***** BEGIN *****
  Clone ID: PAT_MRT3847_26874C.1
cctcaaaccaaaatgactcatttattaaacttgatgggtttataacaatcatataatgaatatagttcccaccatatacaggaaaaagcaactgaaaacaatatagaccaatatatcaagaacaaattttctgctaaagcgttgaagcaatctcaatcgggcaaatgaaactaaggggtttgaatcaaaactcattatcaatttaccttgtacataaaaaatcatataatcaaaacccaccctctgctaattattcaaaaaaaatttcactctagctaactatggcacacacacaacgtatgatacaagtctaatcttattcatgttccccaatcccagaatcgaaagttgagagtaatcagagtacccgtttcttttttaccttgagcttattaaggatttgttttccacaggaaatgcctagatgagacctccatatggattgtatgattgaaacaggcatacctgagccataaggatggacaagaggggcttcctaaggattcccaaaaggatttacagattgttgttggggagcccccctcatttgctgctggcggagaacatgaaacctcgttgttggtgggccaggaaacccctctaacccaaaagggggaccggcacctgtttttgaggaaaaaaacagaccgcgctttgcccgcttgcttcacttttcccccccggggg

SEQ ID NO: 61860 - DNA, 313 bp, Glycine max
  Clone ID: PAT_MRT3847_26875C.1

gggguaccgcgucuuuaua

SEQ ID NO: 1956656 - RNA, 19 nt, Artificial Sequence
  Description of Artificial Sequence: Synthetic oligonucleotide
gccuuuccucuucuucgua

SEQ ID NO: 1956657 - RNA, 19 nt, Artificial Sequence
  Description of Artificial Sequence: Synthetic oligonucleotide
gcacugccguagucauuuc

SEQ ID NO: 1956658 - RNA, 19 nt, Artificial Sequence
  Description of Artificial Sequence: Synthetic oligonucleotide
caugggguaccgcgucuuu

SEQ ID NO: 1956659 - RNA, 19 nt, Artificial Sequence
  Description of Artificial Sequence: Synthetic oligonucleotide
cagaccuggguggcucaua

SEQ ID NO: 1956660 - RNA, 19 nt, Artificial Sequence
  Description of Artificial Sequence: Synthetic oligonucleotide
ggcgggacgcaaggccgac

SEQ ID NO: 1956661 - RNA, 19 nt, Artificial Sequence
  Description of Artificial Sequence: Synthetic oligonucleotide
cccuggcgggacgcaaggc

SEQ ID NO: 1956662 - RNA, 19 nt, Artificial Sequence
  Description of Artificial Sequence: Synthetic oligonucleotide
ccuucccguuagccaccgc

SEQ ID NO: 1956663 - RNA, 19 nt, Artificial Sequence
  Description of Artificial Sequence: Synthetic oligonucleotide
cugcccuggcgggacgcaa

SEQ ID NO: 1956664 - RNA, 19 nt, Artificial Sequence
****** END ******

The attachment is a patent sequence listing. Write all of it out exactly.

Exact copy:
  Clone ID: PAT_MRT3847_26874C.1
cctcaaaccaaaatgactcatttattaaacttgatgggtttataacaatcatataatgaatatagttcccaccatatacaggaaaaagcaactgaaaacaatatagaccaatatatcaagaacaaattttctgctaaagcgttgaagcaatctcaatcgggcaaatgaaactaaggggtttgaatcaaaactcattatcaatttaccttgtacataaaaaatcatataatcaaaacccaccctctgctaattattcaaaaaaaatttcactctagctaactatggcacacacacaacgtatgatacaagtctaatcttattcatgttccccaatcccagaatcgaaagttgagagtaatcagagtacccgtttcttttttaccttgagcttattaaggatttgttttccacaggaaatgcctagatgagacctccatatggattgtatgattgaaacaggcatacctgagccataaggatggacaagaggggcttcctaaggattcccaaaaggatttacagattgttgttggggagcccccctcatttgctgctggcggagaacatgaaacctcgttgttggtgggccaggaaacccctctaacccaaaagggggaccggcacctgtttttgaggaaaaaaacagaccgcgctttgcccgcttgcttcacttttcccccccggggg

SEQ ID NO: 61860 - DNA, 313 bp, Glycine max
  Clone ID: PAT_MRT3847_26875C.1

gggguaccgcgucuuuaua

SEQ ID NO: 1956656 - RNA, 19 nt, Artificial Sequence
  Description of Artificial Sequence: Synthetic oligonucleotide
gccuuuccucuucuucgua

SEQ ID NO: 1956657 - RNA, 19 nt, Artificial Sequence
  Description of Artificial Sequence: Synthetic oligonucleotide
gcacugccguagucauuuc

SEQ ID NO: 1956658 - RNA, 19 nt, Artificial Sequence
  Description of Artificial Sequence: Synthetic oligonucleotide
caugggguaccgcgucuuu

SEQ ID NO: 1956659 - RNA, 19 nt, Artificial Sequence
  Description of Artificial Sequence: Synthetic oligonucleotide
cagaccuggguggcucaua

SEQ ID NO: 1956660 - RNA, 19 nt, Artificial Sequence
  Description of Artificial Sequence: Synthetic oligonucleotide
ggcgggacgcaaggccgac

SEQ ID NO: 1956661 - RNA, 19 nt, Artificial Sequence
  Description of Artificial Sequence: Synthetic oligonucleotide
cccuggcgggacgcaaggc

SEQ ID NO: 1956662 - RNA, 19 nt, Artificial Sequence
  Description of Artificial Sequence: Synthetic oligonucleotide
ccuucccguuagccaccgc

SEQ ID NO: 1956663 - RNA, 19 nt, Artificial Sequence
  Description of Artificial Sequence: Synthetic oligonucleotide
cugcccuggcgggacgcaa

SEQ ID NO: 1956664 - RNA, 19 nt, Artificial Sequence